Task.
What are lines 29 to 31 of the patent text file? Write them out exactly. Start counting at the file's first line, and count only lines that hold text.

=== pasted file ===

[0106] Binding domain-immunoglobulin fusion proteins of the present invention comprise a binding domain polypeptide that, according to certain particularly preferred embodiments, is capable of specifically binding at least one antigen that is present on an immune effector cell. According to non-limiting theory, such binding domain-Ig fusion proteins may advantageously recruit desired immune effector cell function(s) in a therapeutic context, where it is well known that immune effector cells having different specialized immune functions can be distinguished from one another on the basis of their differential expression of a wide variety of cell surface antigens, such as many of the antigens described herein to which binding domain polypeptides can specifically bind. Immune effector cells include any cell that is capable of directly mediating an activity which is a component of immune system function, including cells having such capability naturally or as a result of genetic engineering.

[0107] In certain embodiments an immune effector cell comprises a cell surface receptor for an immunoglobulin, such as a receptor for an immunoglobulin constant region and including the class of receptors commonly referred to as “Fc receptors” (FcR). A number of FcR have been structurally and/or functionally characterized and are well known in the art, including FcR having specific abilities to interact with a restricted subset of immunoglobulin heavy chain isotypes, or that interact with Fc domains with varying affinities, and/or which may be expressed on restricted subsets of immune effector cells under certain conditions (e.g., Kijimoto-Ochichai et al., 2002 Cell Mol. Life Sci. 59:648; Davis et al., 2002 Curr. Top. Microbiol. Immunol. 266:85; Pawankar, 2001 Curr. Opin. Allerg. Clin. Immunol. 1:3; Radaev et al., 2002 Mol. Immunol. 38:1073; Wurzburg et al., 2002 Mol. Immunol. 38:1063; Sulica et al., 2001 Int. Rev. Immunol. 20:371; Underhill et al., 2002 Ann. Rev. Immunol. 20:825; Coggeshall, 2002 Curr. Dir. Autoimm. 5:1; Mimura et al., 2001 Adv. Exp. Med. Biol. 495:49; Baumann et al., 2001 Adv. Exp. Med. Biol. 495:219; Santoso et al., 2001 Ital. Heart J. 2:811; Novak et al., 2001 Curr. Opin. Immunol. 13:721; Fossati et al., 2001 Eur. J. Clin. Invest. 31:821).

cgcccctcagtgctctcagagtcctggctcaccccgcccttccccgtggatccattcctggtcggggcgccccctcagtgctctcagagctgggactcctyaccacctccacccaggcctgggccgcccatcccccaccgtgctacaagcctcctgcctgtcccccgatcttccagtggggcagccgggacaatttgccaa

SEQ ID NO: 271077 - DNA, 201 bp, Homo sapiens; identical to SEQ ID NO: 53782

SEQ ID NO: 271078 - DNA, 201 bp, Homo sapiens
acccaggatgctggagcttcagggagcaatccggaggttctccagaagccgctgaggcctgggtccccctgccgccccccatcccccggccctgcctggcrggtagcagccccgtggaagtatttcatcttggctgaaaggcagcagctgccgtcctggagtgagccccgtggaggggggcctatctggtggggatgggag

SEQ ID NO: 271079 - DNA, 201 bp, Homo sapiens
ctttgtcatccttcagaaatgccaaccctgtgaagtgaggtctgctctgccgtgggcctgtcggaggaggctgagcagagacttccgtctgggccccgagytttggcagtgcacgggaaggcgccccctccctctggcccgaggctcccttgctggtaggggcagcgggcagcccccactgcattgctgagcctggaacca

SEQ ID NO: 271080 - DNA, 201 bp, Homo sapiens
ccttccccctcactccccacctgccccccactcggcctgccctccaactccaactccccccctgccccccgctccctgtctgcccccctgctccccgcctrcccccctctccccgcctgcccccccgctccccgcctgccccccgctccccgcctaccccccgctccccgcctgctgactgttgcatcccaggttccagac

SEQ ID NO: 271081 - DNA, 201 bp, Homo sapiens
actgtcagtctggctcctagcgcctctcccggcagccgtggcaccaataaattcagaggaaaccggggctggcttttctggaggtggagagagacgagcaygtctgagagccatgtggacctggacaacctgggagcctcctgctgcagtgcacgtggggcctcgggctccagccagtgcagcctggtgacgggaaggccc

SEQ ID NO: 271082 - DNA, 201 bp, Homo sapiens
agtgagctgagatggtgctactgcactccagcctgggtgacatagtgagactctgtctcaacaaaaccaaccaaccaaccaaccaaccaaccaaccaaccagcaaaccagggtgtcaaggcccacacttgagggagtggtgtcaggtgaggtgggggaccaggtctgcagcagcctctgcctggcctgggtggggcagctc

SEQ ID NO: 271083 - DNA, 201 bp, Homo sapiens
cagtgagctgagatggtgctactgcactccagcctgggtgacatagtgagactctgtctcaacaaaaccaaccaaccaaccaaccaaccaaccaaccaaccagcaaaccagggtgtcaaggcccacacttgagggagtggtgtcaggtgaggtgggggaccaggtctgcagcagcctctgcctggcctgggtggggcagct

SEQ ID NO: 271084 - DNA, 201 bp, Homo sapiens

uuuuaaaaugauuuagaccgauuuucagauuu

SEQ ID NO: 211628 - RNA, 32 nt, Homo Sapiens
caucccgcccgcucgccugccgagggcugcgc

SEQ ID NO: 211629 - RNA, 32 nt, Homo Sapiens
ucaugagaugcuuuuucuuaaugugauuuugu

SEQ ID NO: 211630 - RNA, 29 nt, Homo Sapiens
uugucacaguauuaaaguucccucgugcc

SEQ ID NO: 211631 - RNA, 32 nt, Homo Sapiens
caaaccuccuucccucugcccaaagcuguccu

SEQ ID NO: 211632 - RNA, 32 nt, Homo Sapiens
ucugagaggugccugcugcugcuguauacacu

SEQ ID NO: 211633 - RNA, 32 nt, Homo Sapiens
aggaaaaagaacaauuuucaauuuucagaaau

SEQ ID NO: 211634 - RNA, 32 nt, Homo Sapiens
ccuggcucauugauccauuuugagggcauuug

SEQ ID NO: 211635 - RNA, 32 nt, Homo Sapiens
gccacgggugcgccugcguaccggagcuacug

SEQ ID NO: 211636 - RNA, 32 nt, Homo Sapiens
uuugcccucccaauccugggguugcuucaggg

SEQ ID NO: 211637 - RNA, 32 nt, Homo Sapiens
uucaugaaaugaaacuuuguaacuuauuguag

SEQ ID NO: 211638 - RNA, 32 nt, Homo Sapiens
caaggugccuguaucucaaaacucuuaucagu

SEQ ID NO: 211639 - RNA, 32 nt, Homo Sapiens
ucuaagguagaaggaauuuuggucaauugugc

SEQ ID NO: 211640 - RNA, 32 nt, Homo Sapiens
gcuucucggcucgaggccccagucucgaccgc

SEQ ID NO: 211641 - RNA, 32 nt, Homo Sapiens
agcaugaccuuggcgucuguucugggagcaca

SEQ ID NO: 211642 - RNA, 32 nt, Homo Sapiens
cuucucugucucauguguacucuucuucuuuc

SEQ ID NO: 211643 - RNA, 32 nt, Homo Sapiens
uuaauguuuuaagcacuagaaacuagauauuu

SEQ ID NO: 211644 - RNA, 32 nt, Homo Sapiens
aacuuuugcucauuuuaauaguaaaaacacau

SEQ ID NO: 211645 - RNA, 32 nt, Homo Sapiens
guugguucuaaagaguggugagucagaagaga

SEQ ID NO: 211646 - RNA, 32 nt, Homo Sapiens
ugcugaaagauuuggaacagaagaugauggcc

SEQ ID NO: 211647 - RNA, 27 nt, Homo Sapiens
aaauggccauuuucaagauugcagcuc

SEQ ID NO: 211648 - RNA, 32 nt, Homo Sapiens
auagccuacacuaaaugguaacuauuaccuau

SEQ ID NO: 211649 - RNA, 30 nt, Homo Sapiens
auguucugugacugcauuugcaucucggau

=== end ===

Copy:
SEQ ID NO: 211633 - RNA, 32 nt, Homo Sapiens
aggaaaaagaacaauuuucaauuuucagaaau

SEQ ID NO: 211634 - RNA, 32 nt, Homo Sapiens